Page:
In the 1980s a researcher was studying elephants in a zoo. While standing next to one, she felt a strange rumbling in her chest that she couldn’t explain. On a hunch, she recorded the rumbling and then analyzed the recording using a sound spectrograph. Subsequent study showed that two elephants on opposite sides of the zoo were communicating using ultra-low frequencies that are impossible for humans to hear.    Further research showed that less than a third of 1,000 hours of recorded elephant calls were audible to the human ear.   

• Researchers can identify over 30 different elephant calls.

• Elephants also communicate by scent. Male elephants give off pheromones from glands under their eyes. The odor of a young elephant’s pheromone is rather pleasant, like honey. But as the elephant ages, the scent changes to that of a skunk, and then to “the smell of a thousand goats.” The older the elephant is, the worse he smells, but the females find the odor attractive and will mate with the oldest and most odiferous elephant.

COMMUNICATING BY ODOR

Pine beetles live in pine trees. A female attracted by the odor of tree sap burrows into the tree. The tree exudes sap to entrap her, but she carries with her a particular fungus that she deposits in the burrow which plugs up the tree’s pores.Then the female releases a pheromone odor to signal other females to come. The odor is ten times stronger than the scent of the sap. They all burrow into the tree while making clicking noises so everyone knows where everyone else is, avoiding intersecting burrows. Next the male beetles arrive, pairing off with the females, and then emitting an odor to signal other males that “this female is taken.” When all the males are giving off the same “no vacancy” odor, other male beetles avoid the tree.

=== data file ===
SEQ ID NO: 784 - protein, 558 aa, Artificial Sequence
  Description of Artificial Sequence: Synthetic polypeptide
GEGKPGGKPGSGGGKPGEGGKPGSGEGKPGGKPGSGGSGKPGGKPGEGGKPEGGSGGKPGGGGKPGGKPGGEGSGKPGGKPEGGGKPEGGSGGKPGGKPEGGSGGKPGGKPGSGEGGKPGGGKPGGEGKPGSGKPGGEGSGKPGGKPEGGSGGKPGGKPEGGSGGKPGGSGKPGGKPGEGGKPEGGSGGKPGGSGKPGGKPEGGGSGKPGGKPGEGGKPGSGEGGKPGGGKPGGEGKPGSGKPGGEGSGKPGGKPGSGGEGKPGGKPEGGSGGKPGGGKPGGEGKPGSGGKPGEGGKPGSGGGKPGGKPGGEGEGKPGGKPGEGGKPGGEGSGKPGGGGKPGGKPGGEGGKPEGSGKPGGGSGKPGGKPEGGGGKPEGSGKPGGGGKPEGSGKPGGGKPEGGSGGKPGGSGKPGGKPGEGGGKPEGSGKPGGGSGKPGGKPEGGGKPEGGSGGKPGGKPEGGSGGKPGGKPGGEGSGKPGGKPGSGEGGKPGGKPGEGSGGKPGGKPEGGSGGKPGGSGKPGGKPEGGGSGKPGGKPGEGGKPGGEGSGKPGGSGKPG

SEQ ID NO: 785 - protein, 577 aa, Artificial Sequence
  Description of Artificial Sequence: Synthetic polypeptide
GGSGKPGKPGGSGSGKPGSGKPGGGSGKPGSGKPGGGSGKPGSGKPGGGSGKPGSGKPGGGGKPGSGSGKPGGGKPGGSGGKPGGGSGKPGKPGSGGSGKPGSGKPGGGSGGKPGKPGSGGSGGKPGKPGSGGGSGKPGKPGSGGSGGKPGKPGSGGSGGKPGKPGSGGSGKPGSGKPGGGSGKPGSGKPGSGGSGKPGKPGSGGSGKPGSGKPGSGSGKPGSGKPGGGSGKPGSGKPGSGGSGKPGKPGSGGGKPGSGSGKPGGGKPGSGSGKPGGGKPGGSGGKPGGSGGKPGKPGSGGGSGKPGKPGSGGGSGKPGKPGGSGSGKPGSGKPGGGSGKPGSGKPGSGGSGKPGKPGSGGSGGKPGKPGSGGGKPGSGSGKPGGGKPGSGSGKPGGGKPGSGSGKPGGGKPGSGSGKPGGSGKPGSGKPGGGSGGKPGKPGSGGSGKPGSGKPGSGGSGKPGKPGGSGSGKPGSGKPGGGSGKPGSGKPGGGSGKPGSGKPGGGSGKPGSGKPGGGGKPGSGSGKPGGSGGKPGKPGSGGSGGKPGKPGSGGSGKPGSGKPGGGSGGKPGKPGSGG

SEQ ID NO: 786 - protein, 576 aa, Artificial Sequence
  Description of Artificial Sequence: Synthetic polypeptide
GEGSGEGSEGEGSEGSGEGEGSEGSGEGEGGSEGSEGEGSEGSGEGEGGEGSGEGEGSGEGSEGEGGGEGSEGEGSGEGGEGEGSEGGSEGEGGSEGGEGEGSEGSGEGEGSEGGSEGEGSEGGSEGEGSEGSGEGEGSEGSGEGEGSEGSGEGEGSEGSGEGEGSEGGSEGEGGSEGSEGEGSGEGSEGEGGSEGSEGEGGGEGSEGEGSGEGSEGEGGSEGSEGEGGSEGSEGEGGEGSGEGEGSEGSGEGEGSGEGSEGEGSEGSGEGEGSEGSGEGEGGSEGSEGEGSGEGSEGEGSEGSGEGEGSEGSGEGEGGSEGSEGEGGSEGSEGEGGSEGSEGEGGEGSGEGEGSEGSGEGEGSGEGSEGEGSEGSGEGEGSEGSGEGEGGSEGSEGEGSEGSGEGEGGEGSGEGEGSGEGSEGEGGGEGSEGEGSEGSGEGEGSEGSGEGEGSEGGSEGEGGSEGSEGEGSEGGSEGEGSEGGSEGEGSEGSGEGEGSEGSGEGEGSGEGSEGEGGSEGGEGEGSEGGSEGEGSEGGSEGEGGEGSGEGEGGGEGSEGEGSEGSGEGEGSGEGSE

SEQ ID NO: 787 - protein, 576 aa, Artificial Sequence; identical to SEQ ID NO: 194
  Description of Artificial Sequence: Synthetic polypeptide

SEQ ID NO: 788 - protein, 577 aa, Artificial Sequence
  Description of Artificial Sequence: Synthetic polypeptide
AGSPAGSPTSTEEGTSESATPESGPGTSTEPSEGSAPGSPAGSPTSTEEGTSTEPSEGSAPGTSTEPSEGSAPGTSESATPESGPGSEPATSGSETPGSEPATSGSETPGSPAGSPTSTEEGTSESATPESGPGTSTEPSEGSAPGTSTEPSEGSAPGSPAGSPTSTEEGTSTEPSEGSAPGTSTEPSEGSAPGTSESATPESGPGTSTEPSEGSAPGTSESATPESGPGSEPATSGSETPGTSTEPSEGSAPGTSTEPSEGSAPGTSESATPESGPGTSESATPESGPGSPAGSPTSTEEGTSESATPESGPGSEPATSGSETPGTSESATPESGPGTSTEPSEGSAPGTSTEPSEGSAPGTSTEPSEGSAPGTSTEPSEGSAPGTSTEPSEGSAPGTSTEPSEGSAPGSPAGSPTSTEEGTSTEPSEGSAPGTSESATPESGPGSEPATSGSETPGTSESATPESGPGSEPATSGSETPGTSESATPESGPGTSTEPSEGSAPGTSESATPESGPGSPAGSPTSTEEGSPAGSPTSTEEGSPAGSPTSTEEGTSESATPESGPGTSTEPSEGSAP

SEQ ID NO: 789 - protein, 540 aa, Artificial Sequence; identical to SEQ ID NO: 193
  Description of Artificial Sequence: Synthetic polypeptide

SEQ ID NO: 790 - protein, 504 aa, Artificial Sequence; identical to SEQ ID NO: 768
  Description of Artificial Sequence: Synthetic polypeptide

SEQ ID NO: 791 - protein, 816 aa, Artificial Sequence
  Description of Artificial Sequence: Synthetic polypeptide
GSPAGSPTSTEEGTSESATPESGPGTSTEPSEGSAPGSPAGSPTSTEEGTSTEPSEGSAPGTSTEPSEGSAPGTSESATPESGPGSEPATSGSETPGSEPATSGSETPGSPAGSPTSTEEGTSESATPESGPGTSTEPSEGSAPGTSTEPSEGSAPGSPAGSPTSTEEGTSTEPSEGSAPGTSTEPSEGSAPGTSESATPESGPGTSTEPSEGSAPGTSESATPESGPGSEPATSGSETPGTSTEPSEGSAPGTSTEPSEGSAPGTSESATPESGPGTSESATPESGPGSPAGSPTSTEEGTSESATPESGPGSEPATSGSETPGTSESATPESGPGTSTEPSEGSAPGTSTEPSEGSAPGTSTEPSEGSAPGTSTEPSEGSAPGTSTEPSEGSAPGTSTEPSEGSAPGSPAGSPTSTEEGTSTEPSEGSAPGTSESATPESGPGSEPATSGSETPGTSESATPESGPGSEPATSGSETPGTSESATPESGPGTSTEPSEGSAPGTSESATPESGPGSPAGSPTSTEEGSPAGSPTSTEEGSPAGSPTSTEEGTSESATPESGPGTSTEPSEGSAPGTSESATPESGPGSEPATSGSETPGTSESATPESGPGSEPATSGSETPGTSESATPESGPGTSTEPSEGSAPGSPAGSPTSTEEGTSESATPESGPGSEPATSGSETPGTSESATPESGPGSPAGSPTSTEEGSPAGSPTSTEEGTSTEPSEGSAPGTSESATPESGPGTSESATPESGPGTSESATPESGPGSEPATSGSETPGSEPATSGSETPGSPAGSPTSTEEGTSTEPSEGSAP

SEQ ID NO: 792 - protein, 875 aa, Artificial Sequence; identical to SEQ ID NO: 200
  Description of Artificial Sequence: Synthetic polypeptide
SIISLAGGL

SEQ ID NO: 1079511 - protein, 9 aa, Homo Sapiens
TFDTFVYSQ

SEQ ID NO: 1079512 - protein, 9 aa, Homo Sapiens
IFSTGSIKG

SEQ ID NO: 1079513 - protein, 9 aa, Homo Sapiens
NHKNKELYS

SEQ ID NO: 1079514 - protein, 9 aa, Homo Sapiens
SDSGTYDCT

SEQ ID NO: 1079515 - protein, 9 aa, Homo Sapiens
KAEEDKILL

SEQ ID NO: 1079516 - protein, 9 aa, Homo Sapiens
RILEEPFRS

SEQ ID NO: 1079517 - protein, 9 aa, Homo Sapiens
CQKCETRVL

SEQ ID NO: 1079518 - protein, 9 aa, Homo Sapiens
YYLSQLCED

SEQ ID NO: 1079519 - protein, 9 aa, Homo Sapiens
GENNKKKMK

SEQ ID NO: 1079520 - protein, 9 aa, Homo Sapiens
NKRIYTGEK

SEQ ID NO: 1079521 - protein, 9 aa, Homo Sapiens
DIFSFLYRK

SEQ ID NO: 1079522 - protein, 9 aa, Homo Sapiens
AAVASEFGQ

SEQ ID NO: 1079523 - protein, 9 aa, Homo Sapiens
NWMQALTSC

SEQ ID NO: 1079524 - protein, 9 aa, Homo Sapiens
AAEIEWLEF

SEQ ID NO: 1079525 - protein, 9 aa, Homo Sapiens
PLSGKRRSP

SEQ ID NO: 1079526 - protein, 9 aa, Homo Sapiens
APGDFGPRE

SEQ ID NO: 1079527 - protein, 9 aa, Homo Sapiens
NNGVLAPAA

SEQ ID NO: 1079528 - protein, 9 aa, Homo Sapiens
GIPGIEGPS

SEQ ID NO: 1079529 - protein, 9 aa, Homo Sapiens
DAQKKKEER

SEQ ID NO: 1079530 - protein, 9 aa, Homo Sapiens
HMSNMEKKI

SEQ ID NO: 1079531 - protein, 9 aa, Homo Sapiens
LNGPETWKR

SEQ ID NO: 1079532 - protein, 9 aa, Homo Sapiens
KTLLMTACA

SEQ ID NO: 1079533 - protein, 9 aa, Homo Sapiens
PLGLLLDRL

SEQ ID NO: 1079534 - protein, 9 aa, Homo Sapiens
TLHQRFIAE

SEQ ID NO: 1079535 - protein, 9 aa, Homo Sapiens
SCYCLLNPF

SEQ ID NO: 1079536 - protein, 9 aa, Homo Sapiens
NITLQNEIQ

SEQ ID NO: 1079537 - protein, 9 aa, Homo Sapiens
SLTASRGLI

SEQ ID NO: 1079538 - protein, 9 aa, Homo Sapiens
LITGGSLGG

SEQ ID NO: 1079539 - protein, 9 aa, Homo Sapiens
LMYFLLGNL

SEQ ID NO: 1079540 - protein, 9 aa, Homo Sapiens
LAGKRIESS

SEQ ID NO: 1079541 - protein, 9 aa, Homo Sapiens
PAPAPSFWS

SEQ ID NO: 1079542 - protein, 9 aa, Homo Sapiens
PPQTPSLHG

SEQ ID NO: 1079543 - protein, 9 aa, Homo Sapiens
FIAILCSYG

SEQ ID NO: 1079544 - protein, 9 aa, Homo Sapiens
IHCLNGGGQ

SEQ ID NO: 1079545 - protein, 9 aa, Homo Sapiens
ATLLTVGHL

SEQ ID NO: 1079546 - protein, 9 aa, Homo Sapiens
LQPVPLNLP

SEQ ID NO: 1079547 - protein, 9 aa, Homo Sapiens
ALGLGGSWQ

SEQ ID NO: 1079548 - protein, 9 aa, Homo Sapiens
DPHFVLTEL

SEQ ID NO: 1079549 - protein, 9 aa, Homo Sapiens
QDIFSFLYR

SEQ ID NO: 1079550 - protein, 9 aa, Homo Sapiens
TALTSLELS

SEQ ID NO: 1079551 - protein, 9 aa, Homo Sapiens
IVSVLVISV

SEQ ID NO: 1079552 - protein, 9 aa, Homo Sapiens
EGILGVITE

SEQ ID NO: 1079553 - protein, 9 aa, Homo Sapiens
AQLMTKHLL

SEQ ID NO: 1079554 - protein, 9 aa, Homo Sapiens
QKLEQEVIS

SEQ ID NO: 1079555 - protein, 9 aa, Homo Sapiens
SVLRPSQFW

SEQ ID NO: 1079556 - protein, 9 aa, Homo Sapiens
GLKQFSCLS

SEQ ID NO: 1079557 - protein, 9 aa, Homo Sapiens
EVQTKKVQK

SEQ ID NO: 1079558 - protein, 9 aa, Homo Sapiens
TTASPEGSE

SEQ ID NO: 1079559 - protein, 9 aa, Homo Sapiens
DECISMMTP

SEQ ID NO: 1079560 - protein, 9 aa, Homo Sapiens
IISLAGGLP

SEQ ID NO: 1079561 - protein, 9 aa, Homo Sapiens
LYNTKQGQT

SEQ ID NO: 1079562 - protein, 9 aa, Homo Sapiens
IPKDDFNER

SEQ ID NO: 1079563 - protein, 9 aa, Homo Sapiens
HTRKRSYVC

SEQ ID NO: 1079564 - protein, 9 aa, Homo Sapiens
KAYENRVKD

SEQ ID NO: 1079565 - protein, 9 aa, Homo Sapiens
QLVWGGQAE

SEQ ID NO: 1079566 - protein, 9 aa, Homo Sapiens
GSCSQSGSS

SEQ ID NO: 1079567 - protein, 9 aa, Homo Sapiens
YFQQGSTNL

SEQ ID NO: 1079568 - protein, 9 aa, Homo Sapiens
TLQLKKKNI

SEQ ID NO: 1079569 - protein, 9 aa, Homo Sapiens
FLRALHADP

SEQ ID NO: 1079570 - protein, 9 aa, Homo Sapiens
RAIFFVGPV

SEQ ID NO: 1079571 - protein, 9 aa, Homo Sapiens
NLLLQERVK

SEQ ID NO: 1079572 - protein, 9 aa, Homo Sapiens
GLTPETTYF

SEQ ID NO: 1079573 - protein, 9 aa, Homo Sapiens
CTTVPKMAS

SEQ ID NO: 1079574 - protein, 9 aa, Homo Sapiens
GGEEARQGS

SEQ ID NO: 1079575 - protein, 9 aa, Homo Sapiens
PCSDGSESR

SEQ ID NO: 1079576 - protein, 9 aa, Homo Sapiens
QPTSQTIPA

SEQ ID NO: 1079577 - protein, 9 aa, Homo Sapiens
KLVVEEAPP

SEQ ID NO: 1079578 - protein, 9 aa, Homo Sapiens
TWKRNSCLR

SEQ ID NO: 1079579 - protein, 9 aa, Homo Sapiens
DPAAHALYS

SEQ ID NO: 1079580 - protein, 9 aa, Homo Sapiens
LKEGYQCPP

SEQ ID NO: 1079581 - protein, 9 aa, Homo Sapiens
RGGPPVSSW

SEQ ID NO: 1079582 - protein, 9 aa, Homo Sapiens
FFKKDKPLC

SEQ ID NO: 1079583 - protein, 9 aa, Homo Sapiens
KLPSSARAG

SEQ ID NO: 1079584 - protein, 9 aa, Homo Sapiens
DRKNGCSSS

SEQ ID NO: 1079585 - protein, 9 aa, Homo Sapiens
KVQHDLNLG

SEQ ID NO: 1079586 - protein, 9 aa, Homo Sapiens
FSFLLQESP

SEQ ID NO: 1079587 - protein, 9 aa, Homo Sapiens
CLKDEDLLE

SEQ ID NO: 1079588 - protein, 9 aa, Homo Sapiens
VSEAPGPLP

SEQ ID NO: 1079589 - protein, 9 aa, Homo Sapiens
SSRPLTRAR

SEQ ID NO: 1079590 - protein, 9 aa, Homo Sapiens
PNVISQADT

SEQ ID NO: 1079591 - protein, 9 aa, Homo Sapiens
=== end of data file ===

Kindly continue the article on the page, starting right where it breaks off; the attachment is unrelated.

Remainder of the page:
ODORS OF ANTS

When ants encounter an invader, they release a chemical odor that alerts other ants to the threat and leads them to attack. Meanwhile, each ant also carries a chemical odor that identifies them as a member of the colony. If an intruder is marked with the “I belong here” chemical before entering the anthill, it is left undisturbed.

PRIMATES

All primates use hand gestures to supplement their limited vocal sounds. Many gestures are identical to those used by humans, including palms up meaning “give me some” to pointing. Different groups develop different “dialects” of gestures, so that a chimp from one region may not understand a chimp from another area. This tendency to use gestures convinced researchers to try to teach primates sign language, an experiment that began in the 1920s and continues today.

• Researchers at a zoo in Georgia were trying to teach an adult female bonobo (similar to a chimp) to communicate using pictograms. Each card depicted a different thing. For two years researchers worked with her daily hoping she could learn to construct sentences. During the lessons, the bonobo’s young son named Kanzi would constantly be interrupting as he goofed off. The lessons failed, and the mother bonobo was sent to a different zoo to be mated, while her son Kanzi, now two and a half years old, remained behind.

• To the researcher’s surprise, the youngster almost immediately demonstrated that he was perfectly able to communicate using the pictograms, constructing over 650 sentences and proving that he even understood proper syntax and grammar.

• Now 42 years old, he lives at a facility in Iowa, and knows around 3,000 words. He has even mastered the video game Pac-Man.